02/26/2009

Doug Wyllie, PoliceOne Editor in Chief10-43: Be Advised...
with Doug Wyllie, PoliceOne Editor in Chief

Audio from Motel 6 ambush reveals heroism ...and a practical, tactical reminder

Street Survival Instructor Dave Smith tells PoliceOne that an audiotape released by the Jeffersonville, Ind. Police Department in the aftermath of the ambush last week of two officers—Corporal Dan Lawhorn and Patrolman Keith Broady—includes a practical, tactical reminder for officers.

“While these transmissions reaffirm the courage displayed by our men and women every day in all aspects of law enforcement, they also demonstrate the situational awareness of responding officers,” says Smith. He is referring, in part, to Corporal Greg Sumler, who tells one of the wounded officers to initiate tactical breathing to help control the bleeding, well before Sumler even arrives on the scene.

Related BLUtube:
Dispatch Tapes from Officer Shooting
Related P1TV:
Dr. David Bellamy: What to do when wounded
Related Articles:

 Suspect in Ind. police shooting found dead

 Two Ind. officers wounded in ambush, suspects arrested

 Officer's winning mindset and calming self-talk saved his life after ambush shooting

Officer ambush: Risks and awareness

Sumler says, “78 can you copy me?”

“Yeah, barely,” replies Patrolman Broady.

“All right, take some deep breaths and slow your breathing down,” Sumler advises.

Tactical breathing—also sometimes called Autogenic Breathing—is the deep diaphragm breathing usually based on a four-count exhale, remaining “empty” for a two- to four-count, followed by a four-count inhale, and being “filled” for a two- to four-count.

“This form of breathing not only relaxes us, it keeps us from fixating, controls anxiety, lowers blood pressure to assist in bleeding control, improves crisis decision making, and keeps motor skills from deteriorating,” Smith says.

“Remember, we don’t wait for anyone else to render first aid,” Smith says. “Each of you should have a tactical bandage, a tourniquet, and training to be able to not only start first aid on citizens, officers, and even offenders, but also on yourself! Be mentally ready to initiate self aid after either winning the confrontation or gaining a safe location.”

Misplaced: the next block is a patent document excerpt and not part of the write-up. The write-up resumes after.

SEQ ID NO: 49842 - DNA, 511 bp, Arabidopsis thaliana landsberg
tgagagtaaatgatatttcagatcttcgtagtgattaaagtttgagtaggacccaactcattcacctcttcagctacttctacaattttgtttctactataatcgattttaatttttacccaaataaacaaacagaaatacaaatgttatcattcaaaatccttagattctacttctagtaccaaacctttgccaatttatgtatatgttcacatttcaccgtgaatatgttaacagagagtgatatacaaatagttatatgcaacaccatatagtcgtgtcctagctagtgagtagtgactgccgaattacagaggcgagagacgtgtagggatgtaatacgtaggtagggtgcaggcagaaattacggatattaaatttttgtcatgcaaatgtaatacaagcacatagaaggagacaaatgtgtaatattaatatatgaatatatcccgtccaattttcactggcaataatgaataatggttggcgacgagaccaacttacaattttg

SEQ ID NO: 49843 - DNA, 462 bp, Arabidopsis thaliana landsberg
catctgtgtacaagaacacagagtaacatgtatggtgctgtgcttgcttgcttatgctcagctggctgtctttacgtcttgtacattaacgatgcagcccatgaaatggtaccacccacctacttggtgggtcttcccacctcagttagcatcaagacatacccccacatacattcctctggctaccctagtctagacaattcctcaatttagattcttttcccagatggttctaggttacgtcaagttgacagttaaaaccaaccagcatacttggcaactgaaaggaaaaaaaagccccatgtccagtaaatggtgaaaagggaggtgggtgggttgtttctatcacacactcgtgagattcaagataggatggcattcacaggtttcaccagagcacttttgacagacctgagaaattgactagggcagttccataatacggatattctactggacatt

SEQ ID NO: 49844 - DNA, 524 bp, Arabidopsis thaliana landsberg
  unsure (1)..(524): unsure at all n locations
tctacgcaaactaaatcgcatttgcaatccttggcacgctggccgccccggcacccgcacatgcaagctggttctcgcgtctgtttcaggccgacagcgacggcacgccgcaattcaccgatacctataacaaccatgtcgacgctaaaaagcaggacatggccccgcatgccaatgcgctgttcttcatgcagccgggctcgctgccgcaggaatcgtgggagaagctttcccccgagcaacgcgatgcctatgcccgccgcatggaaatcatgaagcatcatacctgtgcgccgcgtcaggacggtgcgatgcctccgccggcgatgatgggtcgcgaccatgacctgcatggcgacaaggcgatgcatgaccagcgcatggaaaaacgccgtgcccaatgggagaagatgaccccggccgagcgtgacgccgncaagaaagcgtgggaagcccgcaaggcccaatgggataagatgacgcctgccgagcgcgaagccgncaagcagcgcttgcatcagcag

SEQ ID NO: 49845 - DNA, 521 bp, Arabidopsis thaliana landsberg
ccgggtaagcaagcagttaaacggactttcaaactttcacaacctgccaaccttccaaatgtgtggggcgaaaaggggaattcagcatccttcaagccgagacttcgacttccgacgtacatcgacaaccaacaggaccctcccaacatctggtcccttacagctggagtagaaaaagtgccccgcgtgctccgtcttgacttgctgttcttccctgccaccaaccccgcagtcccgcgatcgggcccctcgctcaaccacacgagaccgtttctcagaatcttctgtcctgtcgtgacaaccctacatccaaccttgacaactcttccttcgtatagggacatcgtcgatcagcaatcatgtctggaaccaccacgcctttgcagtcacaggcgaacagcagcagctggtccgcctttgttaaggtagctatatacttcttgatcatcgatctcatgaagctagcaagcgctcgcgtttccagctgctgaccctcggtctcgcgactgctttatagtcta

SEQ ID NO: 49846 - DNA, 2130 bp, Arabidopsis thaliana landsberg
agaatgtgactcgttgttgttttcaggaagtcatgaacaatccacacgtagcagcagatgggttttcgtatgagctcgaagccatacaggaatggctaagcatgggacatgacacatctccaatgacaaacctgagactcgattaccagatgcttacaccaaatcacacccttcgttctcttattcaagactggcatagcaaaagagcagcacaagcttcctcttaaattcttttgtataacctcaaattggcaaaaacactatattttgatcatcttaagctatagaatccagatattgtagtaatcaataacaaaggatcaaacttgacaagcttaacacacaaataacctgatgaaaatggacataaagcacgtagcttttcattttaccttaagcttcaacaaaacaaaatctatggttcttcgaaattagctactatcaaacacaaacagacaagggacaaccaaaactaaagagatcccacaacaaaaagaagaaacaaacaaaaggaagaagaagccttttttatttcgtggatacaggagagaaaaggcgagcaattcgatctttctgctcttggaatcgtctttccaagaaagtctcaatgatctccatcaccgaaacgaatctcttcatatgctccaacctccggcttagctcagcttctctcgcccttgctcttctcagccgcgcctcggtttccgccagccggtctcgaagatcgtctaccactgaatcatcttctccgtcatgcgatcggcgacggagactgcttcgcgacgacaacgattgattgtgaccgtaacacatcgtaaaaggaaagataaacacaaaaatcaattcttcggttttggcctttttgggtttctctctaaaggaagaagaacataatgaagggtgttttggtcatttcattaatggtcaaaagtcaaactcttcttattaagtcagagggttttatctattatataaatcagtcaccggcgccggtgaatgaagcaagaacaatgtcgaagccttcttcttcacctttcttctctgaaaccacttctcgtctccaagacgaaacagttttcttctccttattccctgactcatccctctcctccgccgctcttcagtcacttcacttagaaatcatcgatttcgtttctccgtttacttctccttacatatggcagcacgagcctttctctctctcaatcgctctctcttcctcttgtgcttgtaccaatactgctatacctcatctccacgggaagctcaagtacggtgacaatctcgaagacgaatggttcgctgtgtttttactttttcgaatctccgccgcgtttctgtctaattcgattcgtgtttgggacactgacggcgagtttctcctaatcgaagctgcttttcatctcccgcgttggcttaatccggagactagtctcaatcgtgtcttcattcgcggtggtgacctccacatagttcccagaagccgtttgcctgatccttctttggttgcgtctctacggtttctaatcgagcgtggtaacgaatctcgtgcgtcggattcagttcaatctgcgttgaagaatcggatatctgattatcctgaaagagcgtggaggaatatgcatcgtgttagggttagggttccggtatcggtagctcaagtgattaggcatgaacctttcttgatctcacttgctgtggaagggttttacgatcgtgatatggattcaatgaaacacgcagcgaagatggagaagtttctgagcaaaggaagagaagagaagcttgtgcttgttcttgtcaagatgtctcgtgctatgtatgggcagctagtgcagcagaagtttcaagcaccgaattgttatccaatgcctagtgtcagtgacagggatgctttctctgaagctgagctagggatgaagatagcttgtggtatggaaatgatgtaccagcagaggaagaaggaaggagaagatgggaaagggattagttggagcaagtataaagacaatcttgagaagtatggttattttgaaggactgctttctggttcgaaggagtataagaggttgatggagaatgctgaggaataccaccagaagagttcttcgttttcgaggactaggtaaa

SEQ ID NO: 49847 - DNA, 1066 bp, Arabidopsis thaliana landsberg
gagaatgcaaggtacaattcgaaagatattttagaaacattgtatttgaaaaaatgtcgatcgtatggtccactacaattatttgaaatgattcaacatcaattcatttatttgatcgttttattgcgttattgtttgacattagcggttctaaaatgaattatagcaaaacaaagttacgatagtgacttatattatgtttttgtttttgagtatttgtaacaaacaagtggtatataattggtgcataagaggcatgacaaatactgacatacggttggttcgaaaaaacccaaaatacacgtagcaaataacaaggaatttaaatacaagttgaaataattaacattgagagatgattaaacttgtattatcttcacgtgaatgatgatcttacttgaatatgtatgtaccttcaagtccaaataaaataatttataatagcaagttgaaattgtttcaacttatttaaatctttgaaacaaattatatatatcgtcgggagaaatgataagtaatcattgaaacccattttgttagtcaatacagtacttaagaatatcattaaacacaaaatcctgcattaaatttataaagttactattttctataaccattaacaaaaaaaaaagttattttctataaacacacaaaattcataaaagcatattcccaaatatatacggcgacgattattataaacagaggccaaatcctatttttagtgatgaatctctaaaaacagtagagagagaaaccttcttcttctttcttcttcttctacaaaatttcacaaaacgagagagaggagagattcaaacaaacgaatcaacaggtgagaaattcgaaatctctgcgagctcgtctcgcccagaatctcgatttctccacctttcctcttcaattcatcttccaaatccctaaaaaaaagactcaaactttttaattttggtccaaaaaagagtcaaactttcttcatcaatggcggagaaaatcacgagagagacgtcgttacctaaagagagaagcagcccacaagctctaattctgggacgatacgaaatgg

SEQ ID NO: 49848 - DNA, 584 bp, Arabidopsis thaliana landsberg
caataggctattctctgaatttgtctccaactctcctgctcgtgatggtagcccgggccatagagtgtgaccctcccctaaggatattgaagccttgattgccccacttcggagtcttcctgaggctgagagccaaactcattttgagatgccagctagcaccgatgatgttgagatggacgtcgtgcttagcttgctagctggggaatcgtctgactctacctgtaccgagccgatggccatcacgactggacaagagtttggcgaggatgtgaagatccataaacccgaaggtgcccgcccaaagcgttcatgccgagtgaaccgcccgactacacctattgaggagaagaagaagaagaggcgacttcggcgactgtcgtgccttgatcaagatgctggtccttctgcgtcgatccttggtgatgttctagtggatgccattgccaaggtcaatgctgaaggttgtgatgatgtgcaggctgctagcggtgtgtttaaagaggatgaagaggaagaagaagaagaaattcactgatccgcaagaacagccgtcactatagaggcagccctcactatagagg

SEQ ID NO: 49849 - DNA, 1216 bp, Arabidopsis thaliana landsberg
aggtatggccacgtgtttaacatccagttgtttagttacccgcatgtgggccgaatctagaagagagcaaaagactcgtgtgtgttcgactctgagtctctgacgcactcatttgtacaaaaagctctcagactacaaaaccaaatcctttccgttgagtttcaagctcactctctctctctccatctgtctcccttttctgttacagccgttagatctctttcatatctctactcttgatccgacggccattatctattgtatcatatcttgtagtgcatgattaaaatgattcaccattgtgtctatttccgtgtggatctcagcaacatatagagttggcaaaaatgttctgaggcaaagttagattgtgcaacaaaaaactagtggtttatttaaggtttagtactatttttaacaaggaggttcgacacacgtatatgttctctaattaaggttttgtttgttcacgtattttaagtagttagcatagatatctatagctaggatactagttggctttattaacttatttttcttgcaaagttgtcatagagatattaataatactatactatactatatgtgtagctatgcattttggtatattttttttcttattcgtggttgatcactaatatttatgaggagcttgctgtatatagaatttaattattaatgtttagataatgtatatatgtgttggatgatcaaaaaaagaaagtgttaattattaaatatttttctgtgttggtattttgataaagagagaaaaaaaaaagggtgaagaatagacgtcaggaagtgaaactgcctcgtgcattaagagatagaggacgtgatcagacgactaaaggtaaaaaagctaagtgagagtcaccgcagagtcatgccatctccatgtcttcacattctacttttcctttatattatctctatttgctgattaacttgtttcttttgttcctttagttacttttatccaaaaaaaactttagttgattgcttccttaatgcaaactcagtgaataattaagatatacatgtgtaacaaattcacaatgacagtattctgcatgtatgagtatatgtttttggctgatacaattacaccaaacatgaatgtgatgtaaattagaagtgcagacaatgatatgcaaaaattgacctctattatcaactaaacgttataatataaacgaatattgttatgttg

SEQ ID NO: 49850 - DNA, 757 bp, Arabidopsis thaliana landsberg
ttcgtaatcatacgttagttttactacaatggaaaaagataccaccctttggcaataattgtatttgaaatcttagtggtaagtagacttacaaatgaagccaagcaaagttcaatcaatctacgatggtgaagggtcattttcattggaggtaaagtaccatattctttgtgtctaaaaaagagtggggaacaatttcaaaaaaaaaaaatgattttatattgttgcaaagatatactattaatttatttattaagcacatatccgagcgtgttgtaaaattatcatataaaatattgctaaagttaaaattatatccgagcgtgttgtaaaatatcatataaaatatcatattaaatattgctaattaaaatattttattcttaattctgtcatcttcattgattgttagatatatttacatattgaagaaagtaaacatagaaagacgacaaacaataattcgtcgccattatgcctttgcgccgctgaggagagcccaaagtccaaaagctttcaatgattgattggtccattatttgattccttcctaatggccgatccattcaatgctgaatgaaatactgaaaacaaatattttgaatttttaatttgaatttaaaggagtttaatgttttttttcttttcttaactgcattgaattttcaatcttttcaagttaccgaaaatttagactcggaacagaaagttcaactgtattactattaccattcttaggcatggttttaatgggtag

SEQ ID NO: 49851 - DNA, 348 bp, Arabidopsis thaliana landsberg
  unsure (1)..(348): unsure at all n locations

Corporal Lawhorn and Patrolman Broady were approaching a room at a Motel 6 near Interstate 65 in southern Indiana, just across the Ohio River from Louisville, Ky. when suspects started shooting. The Associated Press reported that Broady, 32, was shot in the chest in an area not protected by his body armor, while Lawhorn, 39, was shot in the right leg.

According to a separate report, responding officers used a dog leash as a tourniquet on Lawhorn’s leg to stop the bleeding. Fast action by responding officers is thought to have saved the lives of both men.

PoliceOne has learned that a local hospital has listed Broady in “serious but stable condition” and Lawhorn in “fair condition.”

Police arrested two suspects—Vincent Windell Jr., 22 and Kyle Bieber, 19—on Friday February 20, the day after the ambush. Later that same day, a third suspect—Robert Datillo, 37—was found dead of a self-inflicted gunshot wound. Datillo had barricaded himself in a Louisville, Ky. home and after a daylong standoff with a SWAT team, hostage negotiators, and federal agents, took his own life.

The audiotape, initially available on the Website of TV Station WLKY in Louisville, can be heard in its entirety on BLUtube by clicking here. The station says that officers’ families were given the opportunity to hear the recordings before police released them this week.

About the author

Doug Wyllie is Editor in Chief of PoliceOne, responsible for setting the editorial direction of the website and managing the planned editorial features by our roster of expert writers. In addition to his editorial and managerial responsibilities, Doug has authored more than 750 feature articles and tactical tips on a wide range of topics and trends that affect the law enforcement community. Doug is a member of International Law Enforcement Educators and Trainers Association (ILEETA), and an Associate Member of the California Peace Officers' Association. He is also a member of the Public Safety Writers Association, and is a three-time (2011, 2012, and 2014) Western Publishing Association "Maggie Award" Finalist in the category of Best Regularly Featured Digital Edition Column. Even in his "spare" time, he is active in his support for the law enforcement community, contributing his time and talents toward police-related charitable events as well as participating in force-on-force training, search-and-rescue training, and other scenario-based training designed to prepare cops for the fight they face every day on the street.

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